Those data relating to the quality of the untreated water and the desired quality of the treated water that are necessary for the control and regulation are communicated by the user of the appliance to the electronics in the embodiment shown here by means of suitable input tools, for example a keyboard. The activation of the pump 5 and consequently the continuous or batchwise optimum delivery rate and amount delivered are selected on the basis of these data and the amount of water which has already flowed through the filter cartridge. Batchwise conveyance may reduce the power consumption of the feed pump and continuous pump regulation is unnecessary. The data on amounts delivered can be measured by means of the water meter 6 or, in the case of lower requirements relating to accuracy, may also be calculated from the operational data of the circulating pump (for example, power drawn, rotary speed and operating time). After the filter cartridge has been exhausted, the appliance switches off. The user may already be prepared beforehand for the fact that a filter change will soon be necessary by an indicator on the appliance.
The treated water is sterilized in the jug 1 and kept free of bacteria. For this purpose, the water is irradiated with UV light by a UV lamp 13 which is seated in a reflector housing 14. The reflector housing comprises, at least on the inside, a material having high UV reflectivity, in particular aluminum. The water can be irradiated continuously. However, after sterilization has taken place, it is generally sufficient to irradiate the water stored in the jug for several seconds at time intervals of several hours to avoid bacterial recontamination. Ageing of the lamp can be measured by a UV sensor 15. The electronics may then extend the irradiation times and consequently markedly increase the service life of the lamp. A fault in the UV lamp can be communicated to the user. For safety reasons, the UV lamp is switched off by means of the sensor 17 when the jug is removed from the appliance.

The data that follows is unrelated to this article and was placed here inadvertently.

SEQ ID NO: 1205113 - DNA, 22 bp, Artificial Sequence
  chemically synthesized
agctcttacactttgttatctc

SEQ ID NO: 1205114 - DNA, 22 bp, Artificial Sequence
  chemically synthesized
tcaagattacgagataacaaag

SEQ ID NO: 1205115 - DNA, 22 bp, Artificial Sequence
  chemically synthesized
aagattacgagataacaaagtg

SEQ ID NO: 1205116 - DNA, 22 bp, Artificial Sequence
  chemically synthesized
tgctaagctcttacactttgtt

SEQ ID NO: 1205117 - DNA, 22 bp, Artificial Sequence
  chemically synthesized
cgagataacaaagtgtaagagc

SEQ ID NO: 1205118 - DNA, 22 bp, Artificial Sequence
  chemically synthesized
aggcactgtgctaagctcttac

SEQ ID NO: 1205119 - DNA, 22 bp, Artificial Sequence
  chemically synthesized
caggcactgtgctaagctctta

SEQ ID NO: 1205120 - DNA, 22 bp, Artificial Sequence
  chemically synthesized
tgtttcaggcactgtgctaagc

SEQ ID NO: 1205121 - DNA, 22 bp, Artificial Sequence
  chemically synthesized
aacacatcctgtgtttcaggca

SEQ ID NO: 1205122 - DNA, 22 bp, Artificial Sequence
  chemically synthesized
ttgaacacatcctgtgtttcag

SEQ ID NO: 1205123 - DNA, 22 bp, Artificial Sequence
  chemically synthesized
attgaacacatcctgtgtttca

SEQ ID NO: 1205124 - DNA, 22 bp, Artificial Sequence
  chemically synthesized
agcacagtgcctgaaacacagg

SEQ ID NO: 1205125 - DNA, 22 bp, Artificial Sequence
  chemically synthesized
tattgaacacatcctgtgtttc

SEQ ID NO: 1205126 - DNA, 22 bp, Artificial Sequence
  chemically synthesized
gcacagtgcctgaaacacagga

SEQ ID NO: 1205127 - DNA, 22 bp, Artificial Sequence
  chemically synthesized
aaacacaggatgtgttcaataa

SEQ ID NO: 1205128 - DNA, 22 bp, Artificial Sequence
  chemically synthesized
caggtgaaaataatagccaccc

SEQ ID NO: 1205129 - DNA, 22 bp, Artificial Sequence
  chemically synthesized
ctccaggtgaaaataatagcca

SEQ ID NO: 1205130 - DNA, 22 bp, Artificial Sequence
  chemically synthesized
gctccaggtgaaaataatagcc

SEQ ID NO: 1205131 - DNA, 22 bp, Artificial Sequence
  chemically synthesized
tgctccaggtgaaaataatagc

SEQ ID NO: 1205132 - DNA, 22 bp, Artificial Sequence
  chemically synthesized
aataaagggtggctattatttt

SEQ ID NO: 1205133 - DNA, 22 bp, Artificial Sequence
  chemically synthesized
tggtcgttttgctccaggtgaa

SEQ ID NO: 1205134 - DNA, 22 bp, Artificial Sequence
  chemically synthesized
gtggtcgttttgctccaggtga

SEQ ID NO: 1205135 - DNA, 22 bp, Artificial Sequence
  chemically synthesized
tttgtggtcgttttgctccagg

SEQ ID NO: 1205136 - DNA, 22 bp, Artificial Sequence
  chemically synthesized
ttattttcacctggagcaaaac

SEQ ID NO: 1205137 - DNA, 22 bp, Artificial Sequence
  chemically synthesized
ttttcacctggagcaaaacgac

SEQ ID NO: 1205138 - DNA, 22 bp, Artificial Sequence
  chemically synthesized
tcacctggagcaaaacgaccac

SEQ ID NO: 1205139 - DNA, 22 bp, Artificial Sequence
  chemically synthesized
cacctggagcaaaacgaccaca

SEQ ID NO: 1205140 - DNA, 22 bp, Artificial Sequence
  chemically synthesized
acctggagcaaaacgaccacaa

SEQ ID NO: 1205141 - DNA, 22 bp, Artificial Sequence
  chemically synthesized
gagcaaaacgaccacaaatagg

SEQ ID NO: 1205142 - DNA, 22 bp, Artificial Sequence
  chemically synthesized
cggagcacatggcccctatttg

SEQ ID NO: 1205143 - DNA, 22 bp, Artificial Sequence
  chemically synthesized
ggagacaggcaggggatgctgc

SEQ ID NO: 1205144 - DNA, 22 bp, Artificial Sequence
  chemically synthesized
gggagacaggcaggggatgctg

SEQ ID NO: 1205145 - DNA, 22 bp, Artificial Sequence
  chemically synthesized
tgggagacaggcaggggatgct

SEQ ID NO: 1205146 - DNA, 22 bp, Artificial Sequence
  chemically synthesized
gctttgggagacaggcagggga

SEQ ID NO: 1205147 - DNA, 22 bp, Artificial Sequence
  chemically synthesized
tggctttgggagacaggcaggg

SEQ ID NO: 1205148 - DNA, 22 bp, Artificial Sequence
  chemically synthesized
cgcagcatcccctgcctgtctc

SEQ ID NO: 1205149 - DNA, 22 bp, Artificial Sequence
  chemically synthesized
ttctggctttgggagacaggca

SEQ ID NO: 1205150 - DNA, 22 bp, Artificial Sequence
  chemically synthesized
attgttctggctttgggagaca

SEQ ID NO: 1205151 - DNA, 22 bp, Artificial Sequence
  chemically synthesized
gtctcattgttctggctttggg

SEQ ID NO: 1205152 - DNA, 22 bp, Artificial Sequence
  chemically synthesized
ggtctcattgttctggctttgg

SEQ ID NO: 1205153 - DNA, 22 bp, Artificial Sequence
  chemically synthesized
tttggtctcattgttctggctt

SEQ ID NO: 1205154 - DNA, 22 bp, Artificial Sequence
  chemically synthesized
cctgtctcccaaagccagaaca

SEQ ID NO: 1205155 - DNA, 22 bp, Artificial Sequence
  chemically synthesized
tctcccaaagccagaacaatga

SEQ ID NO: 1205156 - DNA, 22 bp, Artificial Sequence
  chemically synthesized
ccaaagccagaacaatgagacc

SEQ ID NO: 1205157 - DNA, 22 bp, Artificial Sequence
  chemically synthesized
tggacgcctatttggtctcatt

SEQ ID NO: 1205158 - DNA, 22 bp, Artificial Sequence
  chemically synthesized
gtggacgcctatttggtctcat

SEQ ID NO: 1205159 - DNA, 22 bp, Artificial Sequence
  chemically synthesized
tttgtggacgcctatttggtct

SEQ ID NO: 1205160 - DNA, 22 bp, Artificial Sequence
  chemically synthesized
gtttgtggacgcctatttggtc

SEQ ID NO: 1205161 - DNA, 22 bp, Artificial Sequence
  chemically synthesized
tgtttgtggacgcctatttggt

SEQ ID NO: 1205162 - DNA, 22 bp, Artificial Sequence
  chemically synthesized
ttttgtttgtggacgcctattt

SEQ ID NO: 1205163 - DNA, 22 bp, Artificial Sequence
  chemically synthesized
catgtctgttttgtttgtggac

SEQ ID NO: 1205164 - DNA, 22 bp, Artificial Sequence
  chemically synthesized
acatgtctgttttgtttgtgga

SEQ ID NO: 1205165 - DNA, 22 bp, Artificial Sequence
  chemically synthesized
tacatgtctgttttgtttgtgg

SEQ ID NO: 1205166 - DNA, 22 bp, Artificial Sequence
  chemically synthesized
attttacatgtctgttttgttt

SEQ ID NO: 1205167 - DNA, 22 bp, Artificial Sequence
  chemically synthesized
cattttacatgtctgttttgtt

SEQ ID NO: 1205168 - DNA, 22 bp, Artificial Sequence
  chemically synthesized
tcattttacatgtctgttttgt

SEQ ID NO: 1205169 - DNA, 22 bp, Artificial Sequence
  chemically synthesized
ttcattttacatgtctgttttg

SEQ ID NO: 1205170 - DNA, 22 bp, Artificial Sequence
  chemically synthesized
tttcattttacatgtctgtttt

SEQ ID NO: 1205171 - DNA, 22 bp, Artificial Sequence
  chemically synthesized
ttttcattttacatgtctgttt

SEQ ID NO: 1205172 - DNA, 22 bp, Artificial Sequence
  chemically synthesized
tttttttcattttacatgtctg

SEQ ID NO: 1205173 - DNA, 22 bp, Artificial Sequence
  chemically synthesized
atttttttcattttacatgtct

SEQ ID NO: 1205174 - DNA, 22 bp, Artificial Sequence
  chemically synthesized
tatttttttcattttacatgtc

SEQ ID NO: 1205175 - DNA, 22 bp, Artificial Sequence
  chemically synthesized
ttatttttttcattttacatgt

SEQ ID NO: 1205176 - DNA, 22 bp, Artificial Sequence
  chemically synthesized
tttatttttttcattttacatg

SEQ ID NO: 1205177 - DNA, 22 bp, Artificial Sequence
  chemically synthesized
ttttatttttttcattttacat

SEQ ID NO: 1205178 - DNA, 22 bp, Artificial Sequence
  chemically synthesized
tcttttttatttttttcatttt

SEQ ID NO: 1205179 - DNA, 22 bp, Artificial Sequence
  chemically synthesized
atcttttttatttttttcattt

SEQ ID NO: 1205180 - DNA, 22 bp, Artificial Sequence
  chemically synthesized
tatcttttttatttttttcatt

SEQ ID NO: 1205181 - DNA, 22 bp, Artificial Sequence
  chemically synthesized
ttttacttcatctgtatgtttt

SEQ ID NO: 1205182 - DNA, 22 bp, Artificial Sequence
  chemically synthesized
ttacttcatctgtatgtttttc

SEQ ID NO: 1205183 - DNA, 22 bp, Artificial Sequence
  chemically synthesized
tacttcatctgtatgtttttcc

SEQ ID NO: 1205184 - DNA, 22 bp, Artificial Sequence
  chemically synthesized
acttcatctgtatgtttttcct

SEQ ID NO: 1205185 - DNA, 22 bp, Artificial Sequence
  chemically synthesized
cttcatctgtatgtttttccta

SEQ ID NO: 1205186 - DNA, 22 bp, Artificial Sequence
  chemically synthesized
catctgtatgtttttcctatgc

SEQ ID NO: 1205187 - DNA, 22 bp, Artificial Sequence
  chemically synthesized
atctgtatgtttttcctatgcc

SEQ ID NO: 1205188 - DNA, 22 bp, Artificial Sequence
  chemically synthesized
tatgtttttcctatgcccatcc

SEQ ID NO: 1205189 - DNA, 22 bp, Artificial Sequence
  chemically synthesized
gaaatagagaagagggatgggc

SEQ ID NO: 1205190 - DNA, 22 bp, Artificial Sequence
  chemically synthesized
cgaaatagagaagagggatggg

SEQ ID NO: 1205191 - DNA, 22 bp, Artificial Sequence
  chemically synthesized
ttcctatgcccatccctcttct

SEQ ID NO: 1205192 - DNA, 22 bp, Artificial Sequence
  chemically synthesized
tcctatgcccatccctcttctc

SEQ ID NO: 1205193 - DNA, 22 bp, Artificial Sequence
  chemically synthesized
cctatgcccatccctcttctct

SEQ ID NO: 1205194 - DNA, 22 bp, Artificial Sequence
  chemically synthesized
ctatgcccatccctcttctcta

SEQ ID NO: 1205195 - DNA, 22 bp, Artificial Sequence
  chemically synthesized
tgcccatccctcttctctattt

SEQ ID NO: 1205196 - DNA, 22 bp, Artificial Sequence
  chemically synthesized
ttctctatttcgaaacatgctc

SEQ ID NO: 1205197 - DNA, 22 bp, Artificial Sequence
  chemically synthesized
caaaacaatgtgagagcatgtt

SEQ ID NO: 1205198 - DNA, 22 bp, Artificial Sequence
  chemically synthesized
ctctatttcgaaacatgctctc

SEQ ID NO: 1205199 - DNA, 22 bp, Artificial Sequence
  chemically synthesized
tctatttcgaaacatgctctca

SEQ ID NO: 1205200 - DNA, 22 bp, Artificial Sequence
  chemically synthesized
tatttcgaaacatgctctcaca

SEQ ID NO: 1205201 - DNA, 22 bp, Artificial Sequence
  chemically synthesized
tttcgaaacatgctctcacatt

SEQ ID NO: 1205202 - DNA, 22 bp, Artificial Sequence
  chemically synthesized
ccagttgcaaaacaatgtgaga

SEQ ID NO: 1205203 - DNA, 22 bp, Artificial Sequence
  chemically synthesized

FIG. 2 shows a further embodiment of the process according to the invention. The essential differences from the embodiment of the invention shown in FIG. 1 are the automatic determination and monitoring of the physico-chemical water parameters, the facility for supplying the water to the appliance via a water connection or a feedstock container and for drawing treated water from the appliance via a faucet, also in defined amounts, and in the possibility of using multi-chamber filter cartridges for the sophisticated treatment of water, for example residual hardness maintenance.
The water 2 to be treated is conveyed out of the removable water jug 1 via the nonreturn valve combination 3 by means of the pump 5. The nonreturn valve 17' prevents water flowing back from the downstream parts into the water jug. Via the valve 26, there is a facility for supplying water from a separate storage container. Downstream of pump 5 it is possible to supply water to the machine from a water pipeline connection via the control valve 27. In this case, the pressure sensor 4 can signal an unacceptably high water pressure to the regulating electronics, whereupon the through aperture of valve 27 may be reduced. In the case of water being supplied from the water jug or from a separate feedstock container, the pressure sensor 4 can determine the filling level in the vessels from the hydraulic pressure of the water column. A filling-level sensor 16 prevents an overflow of the water jug if water is supplied to the water machine from a water cock or feedstock container. The water to be treated passes through the UV flow-type irradiation reactor 28 for the purpose of sterilization. Said flow-type irradiation reactor comprises a UV-transparent tube, preferably composed of quartz glass, and is situated, together with a further flow-type irradiation reactor 22, in the reflector housing 14 of the water jug. The water flows through the water meter 6 and then through a first sensor block 18. Said sensor block contains sensors which determine the physico-chemical water parameters which are of interest here, for example sensors for the temporary hardness, the total hardness, the nitrate content, the sulfate content, the chloride content, the electrical conductivity and the pH.